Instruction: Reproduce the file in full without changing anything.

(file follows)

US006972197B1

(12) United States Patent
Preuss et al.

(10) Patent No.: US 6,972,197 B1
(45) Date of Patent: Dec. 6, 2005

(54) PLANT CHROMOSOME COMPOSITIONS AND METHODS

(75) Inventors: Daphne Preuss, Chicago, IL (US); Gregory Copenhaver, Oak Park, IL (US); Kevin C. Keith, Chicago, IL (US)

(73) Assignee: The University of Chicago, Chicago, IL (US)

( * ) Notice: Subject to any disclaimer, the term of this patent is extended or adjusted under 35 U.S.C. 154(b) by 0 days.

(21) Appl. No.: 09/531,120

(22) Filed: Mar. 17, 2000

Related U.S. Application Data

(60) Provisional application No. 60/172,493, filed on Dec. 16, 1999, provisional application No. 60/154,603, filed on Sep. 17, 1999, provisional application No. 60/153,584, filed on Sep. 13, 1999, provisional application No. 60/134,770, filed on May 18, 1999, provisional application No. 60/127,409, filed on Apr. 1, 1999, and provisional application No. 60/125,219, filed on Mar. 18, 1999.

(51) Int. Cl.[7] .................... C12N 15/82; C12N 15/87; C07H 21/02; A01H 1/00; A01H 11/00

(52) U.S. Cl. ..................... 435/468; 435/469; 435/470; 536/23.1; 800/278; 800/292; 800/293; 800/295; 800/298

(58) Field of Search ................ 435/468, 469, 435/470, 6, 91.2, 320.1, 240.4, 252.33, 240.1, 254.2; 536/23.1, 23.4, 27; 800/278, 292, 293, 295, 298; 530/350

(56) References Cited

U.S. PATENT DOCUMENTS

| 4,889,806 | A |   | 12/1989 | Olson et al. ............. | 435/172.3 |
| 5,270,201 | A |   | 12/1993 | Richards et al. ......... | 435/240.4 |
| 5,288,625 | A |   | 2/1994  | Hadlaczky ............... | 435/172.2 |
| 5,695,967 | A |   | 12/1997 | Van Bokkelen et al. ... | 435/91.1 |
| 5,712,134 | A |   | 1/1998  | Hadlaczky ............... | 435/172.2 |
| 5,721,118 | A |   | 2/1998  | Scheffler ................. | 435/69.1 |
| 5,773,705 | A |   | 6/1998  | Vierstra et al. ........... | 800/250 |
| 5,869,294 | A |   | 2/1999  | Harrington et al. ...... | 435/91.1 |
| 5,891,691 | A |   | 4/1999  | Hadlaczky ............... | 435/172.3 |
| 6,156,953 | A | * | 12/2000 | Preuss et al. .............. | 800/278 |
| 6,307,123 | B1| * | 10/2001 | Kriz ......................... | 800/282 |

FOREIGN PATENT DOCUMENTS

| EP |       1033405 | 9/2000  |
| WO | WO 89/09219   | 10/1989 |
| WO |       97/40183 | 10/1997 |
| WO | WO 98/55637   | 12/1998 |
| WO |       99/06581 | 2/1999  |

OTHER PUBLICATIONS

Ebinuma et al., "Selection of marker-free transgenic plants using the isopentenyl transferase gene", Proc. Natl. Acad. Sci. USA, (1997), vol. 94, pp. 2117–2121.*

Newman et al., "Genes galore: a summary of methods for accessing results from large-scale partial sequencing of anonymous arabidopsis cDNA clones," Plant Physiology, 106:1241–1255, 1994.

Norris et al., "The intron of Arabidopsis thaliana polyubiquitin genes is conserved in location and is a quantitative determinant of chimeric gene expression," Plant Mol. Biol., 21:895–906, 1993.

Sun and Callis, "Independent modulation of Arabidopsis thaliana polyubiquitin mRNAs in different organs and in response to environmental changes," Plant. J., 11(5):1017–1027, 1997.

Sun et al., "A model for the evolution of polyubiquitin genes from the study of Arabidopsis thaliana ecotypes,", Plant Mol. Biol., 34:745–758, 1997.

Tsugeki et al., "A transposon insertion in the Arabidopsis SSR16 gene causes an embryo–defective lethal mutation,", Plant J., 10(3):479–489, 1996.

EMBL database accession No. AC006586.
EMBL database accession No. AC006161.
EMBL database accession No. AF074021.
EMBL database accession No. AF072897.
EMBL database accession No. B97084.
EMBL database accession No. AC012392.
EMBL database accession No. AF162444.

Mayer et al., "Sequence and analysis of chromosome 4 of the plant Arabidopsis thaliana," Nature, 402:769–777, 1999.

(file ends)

US006972197B1

(12) United States Patent
Preuss et al.

(10) Patent No.: US 6,972,197 B1
(45) Date of Patent: Dec. 6, 2005

(54) PLANT CHROMOSOME COMPOSITIONS AND METHODS

(75) Inventors: Daphne Preuss, Chicago, IL (US); Gregory Copenhaver, Oak Park, IL (US); Kevin C. Keith, Chicago, IL (US)

(73) Assignee: The University of Chicago, Chicago, IL (US)

( * ) Notice: Subject to any disclaimer, the term of this patent is extended or adjusted under 35 U.S.C. 154(b) by 0 days.

(21) Appl. No.: 09/531,120

(22) Filed: Mar. 17, 2000

Related U.S. Application Data

(60) Provisional application No. 60/172,493, filed on Dec. 16, 1999, provisional application No. 60/154,603, filed on Sep. 17, 1999, provisional application No. 60/153,584, filed on Sep. 13, 1999, provisional application No. 60/134,770, filed on May 18, 1999, provisional application No. 60/127,409, filed on Apr. 1, 1999, and provisional application No. 60/125,219, filed on Mar. 18, 1999.

(51) Int. Cl.[7] .................... C12N 15/82; C12N 15/87; C07H 21/02; A01H 1/00; A01H 11/00

(52) U.S. Cl. ..................... 435/468; 435/469; 435/470; 536/23.1; 800/278; 800/292; 800/293; 800/295; 800/298

(58) Field of Search ................ 435/468, 469, 435/470, 6, 91.2, 320.1, 240.4, 252.33, 240.1, 254.2; 536/23.1, 23.4, 27; 800/278, 292, 293, 295, 298; 530/350

(56) References Cited

U.S. PATENT DOCUMENTS

| 4,889,806 | A |   | 12/1989 | Olson et al. ............. | 435/172.3 |
| 5,270,201 | A |   | 12/1993 | Richards et al. ......... | 435/240.4 |
| 5,288,625 | A |   | 2/1994  | Hadlaczky ............... | 435/172.2 |
| 5,695,967 | A |   | 12/1997 | Van Bokkelen et al. ... | 435/91.1 |
| 5,712,134 | A |   | 1/1998  | Hadlaczky ............... | 435/172.2 |
| 5,721,118 | A |   | 2/1998  | Scheffler ................. | 435/69.1 |
| 5,773,705 | A |   | 6/1998  | Vierstra et al. ........... | 800/250 |
| 5,869,294 | A |   | 2/1999  | Harrington et al. ...... | 435/91.1 |
| 5,891,691 | A |   | 4/1999  | Hadlaczky ............... | 435/172.3 |
| 6,156,953 | A | * | 12/2000 | Preuss et al. .............. | 800/278 |
| 6,307,123 | B1| * | 10/2001 | Kriz ......................... | 800/282 |

FOREIGN PATENT DOCUMENTS

| EP |       1033405 | 9/2000  |
| WO | WO 89/09219   | 10/1989 |
| WO |       97/40183 | 10/1997 |
| WO | WO 98/55637   | 12/1998 |
| WO |       99/06581 | 2/1999  |

OTHER PUBLICATIONS

Ebinuma et al., "Selection of marker-free transgenic plants using the isopentenyl transferase gene", Proc. Natl. Acad. Sci. USA, (1997), vol. 94, pp. 2117–2121.*

Newman et al., "Genes galore: a summary of methods for accessing results from large-scale partial sequencing of anonymous arabidopsis cDNA clones," Plant Physiology, 106:1241–1255, 1994.

Norris et al., "The intron of Arabidopsis thaliana polyubiquitin genes is conserved in location and is a quantitative determinant of chimeric gene expression," Plant Mol. Biol., 21:895–906, 1993.

Sun and Callis, "Independent modulation of Arabidopsis thaliana polyubiquitin mRNAs in different organs and in response to environmental changes," Plant. J., 11(5):1017–1027, 1997.

Sun et al., "A model for the evolution of polyubiquitin genes from the study of Arabidopsis thaliana ecotypes,", Plant Mol. Biol., 34:745–758, 1997.

Tsugeki et al., "A transposon insertion in the Arabidopsis SSR16 gene causes an embryo–defective lethal mutation,", Plant J., 10(3):479–489, 1996.

EMBL database accession No. AC006586.
EMBL database accession No. AC006161.
EMBL database accession No. AF074021.
EMBL database accession No. AF072897.
EMBL database accession No. B97084.
EMBL database accession No. AC012392.
EMBL database accession No. AF162444.

Mayer et al., "Sequence and analysis of chromosome 4 of the plant Arabidopsis thaliana," Nature, 402:769–777, 1999.